Here are some descriptions of things I am working on or have worked on in the past.
Bursting in Dynamical Systems
The square wave burster illustrated below is one of many different kinds of bursting oscillations. The bursting pattern is characterized by alternating active (oscillatory) and silent (nonoscillatory) phases.
The sawtooth pattern is that of a "slow" regulatory variable which modulates the fast bursting patterns. Square wave bursting is important since the pancreatic beta cells exhibit this type of electrical behavior. In particular, the rate at which the cells secrete insulin has been strongly correlated to the duration of the active phase. Such periodic oscillations are interesting dynamically since they represent multidimensional limit cycles which can be constructed using singular perturbation techniques (including averaging). The particular model describing the oscillation above has two "fast" variables and one "slow" variable. The periodic orbit of the associated autonomous system is therefore a closed orbit in R3. As with many systems which exhibit bursting, the differential equations contain a small parameter and the bursting solution(s) can be described asymptotically in terms of it's slow and fast subsystem (SS) and (FS), respectively. In the silent phase, the solution tracks a one dimensional slow manifold (curve) in R3. In the active phase, the solution tracks a different slow manifold (I call it the Averaged Fast Subsystem or AFS) derived using a family of period solutions of (FS). Escape from the active phase typically occurs through a homoclinic bifurcation which can be located using Melnikov theory in some models.
Classification of Bursters:
Below is a figure illustrating how bursters can be classified in terms of the fast parameters (each axis). The lines A-D separate regions describing i) where (FS) equilibria are stable, ii) what their locations are, iii) where Hopf points are, iv) their criticality and v) paremeter values for which homoclinic bifurcations of (FS) exist. Different types of bursters exist in regions bounded by these lines. The shaded region indicates parameter pairs where square-wave bursting (see above) solutions exist. For details, see the 1994 SIAM paper listed in my VITA. What is siginificant about this type of research is that not only are there many different types of bursting oscillations but they are all observed in electrophysiology experiments in nerves, endocrine system cells and muscle. That only two parameters are need to characterize all (relevant) types suggests to me that only a few genetic markers are needed for organisms to develop the correct "burster" with the right dynamics for each organism physiological subsystem. Bursters are thought to control dynamics on time scales of seconds within organisms. They are natural "clocks" and bridge the time barriers of nerve action potentials (msec) and endocrine system physiology (minutes-months).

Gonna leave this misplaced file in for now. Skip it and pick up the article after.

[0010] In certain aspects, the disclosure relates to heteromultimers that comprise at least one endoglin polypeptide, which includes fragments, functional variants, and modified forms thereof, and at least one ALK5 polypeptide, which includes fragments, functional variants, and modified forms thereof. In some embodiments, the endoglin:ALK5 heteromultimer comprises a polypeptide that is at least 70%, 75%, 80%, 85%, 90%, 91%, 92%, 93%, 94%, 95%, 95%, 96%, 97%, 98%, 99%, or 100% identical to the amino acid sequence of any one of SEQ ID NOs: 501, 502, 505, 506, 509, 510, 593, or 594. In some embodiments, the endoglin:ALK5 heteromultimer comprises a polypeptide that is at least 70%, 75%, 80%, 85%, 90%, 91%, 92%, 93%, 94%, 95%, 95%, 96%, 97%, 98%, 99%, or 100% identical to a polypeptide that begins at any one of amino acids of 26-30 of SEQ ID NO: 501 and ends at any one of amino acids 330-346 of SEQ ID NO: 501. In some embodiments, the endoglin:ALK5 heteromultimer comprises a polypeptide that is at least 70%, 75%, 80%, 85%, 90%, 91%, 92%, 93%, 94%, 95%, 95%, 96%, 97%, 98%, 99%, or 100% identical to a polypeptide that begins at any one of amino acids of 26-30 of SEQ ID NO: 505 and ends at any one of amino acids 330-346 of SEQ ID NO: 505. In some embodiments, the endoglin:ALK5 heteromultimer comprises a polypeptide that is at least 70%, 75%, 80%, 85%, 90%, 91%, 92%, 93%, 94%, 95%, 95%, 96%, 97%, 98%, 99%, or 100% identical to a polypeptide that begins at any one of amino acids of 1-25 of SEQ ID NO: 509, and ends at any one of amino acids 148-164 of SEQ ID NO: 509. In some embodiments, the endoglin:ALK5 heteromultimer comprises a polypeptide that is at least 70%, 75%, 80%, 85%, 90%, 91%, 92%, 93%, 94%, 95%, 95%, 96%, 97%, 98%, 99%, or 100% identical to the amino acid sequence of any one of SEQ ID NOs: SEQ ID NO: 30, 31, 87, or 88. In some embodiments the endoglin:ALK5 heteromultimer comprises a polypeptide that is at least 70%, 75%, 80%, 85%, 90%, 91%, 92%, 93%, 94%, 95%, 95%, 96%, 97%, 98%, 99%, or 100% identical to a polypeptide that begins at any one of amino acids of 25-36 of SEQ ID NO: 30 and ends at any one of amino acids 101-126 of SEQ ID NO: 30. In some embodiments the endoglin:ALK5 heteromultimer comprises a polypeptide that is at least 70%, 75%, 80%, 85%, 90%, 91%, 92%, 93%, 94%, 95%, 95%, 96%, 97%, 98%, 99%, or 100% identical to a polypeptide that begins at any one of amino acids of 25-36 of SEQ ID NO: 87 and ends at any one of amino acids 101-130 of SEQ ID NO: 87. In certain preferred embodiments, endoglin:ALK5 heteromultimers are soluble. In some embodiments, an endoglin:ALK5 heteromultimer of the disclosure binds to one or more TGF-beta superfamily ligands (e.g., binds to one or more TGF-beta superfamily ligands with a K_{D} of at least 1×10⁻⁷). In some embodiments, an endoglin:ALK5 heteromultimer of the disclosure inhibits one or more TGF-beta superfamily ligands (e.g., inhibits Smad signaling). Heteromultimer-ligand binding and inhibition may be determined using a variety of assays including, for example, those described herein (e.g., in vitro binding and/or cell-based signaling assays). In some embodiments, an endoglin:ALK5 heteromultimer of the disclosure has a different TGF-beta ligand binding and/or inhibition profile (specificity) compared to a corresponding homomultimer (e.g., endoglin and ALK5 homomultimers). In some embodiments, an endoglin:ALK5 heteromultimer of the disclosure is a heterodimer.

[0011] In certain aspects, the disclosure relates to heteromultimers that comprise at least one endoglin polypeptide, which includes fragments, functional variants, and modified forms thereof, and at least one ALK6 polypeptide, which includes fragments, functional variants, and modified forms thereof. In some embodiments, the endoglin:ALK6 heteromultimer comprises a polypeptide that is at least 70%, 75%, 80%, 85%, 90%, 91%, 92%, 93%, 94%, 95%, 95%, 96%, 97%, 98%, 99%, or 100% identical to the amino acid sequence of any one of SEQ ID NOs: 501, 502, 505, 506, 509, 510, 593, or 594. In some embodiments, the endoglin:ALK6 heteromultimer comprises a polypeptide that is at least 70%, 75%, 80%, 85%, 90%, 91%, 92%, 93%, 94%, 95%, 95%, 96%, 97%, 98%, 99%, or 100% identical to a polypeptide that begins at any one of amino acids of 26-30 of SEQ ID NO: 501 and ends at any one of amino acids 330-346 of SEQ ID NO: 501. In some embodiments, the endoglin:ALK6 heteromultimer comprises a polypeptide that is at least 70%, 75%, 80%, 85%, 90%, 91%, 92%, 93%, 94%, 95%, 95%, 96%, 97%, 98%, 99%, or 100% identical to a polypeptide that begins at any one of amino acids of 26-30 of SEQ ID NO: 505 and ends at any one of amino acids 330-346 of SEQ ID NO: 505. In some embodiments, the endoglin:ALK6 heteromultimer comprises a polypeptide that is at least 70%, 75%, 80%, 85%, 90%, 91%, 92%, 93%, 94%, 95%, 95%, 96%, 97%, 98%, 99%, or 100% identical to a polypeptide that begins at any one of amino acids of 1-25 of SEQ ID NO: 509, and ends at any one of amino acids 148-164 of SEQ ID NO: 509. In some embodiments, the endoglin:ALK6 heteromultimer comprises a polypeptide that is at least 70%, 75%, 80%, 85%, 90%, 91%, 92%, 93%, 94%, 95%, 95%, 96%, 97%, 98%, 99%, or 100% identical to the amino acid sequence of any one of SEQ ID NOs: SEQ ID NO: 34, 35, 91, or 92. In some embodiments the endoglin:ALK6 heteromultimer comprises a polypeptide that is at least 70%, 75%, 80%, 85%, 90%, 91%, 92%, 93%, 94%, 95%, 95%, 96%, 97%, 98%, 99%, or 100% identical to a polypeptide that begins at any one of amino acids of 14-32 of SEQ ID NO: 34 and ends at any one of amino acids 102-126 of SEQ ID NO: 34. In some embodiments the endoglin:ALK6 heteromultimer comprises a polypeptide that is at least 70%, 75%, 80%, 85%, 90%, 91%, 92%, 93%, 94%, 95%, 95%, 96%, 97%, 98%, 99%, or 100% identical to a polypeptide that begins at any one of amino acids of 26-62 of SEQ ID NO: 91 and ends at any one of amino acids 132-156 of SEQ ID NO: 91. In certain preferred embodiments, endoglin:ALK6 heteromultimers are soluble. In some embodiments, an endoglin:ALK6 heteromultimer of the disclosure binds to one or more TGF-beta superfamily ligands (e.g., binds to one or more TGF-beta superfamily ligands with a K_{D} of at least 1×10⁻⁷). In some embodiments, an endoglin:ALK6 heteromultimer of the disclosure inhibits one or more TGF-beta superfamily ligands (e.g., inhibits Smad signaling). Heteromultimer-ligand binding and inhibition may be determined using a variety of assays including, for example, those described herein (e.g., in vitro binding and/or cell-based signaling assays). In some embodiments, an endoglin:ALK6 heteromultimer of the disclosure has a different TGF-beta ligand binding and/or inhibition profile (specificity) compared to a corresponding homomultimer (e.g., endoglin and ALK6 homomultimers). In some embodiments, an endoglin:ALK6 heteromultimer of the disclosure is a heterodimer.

Coupling of Bursters:
Of course most "electrically active" cells share current or are synaptically connected. Such electro-chemical communication results in different cell ensemble behavior. At left is a color-scale contour plot of numerical solutions of fast (upper) and slow (lower) variables in a PDE model for a pancreatic islet containing many diffusively coupled square-wave bursters. Coupling strength is large resulting in synchronous fast variable behavior as can be seen by the horizontal lines indicate local max of the active phase oscillations. Even though the coupling is strong, slow variables need not exhibit synchronous behavior (lower). This permits a possible mechanism for diabetic conditions (see SIAM J. Appl. Math., 58:1667-1687, 1998listed in my manuscript section for details). There are perhaps unlimited spatio-temporal dynamics possible and their functions are not well understood at present (save a few specific systems).
Below is a figure illustrating the dispersal of 9 phenotypes in a heterogeneous environment. Spatially averaged populations of phenotype "i" are plotted versus time. The dispersal rates increase in i. Thus, the diagram shows how the "slow" survive.
The model, analysis and numerics associated with the study are in "The evolution of slow dispersal rates: a reaction diffusion model", J. Dockery, V. Hutson, K. Mischaikow, M. Pernarowski. To appear in J. Math. Biol. Download Postscript File (680K)
"Recent" Progress: Below is a color contour of the same spatially averaged phenotypes in the above simulation except with the carrying capacity periodic in time t to simulate seasonal changes in the environment. In the figure, the spatial average of u_i(x,t), i=1,2..9, is located at x=x_i= 0.1*i. RED=large value, blue=small value. From the simulation, it appears that the slow disperser located at x_1 "wins" and approaches a periodic solution in the long term. Email for more details.
Glucose Diffusion in the Pancreatic Islet
Below is a figure illustrating the glucose concentration inside a pancreatic islet. The distribution represents the concentration inside beta-cells after 120 seconds in a bath concentration of 10mM glucose. For details concerning the model and numerical results, obtain the postscript version of the paper in Biophys J April 98 (above under "Papers").
Parameter Identification in Cell Models
Use experimental data and an algorithm to determine "best fit" parameters in a model of bursting in pancreatic B-cell models:Experimentally measured BEA in B-cell (10mM glucose)Perform a sliding window average:Numerically estimate derivative, then avergage then differentiate etc. The i-th row is the (i-1) rst derivative and its avergage (red).
Here's an example of how model parameters in an existing (SRK) model of beta-cell bursting activity can be altered to fit the measured potential. The predicted potential is in red, while the data is in blue data.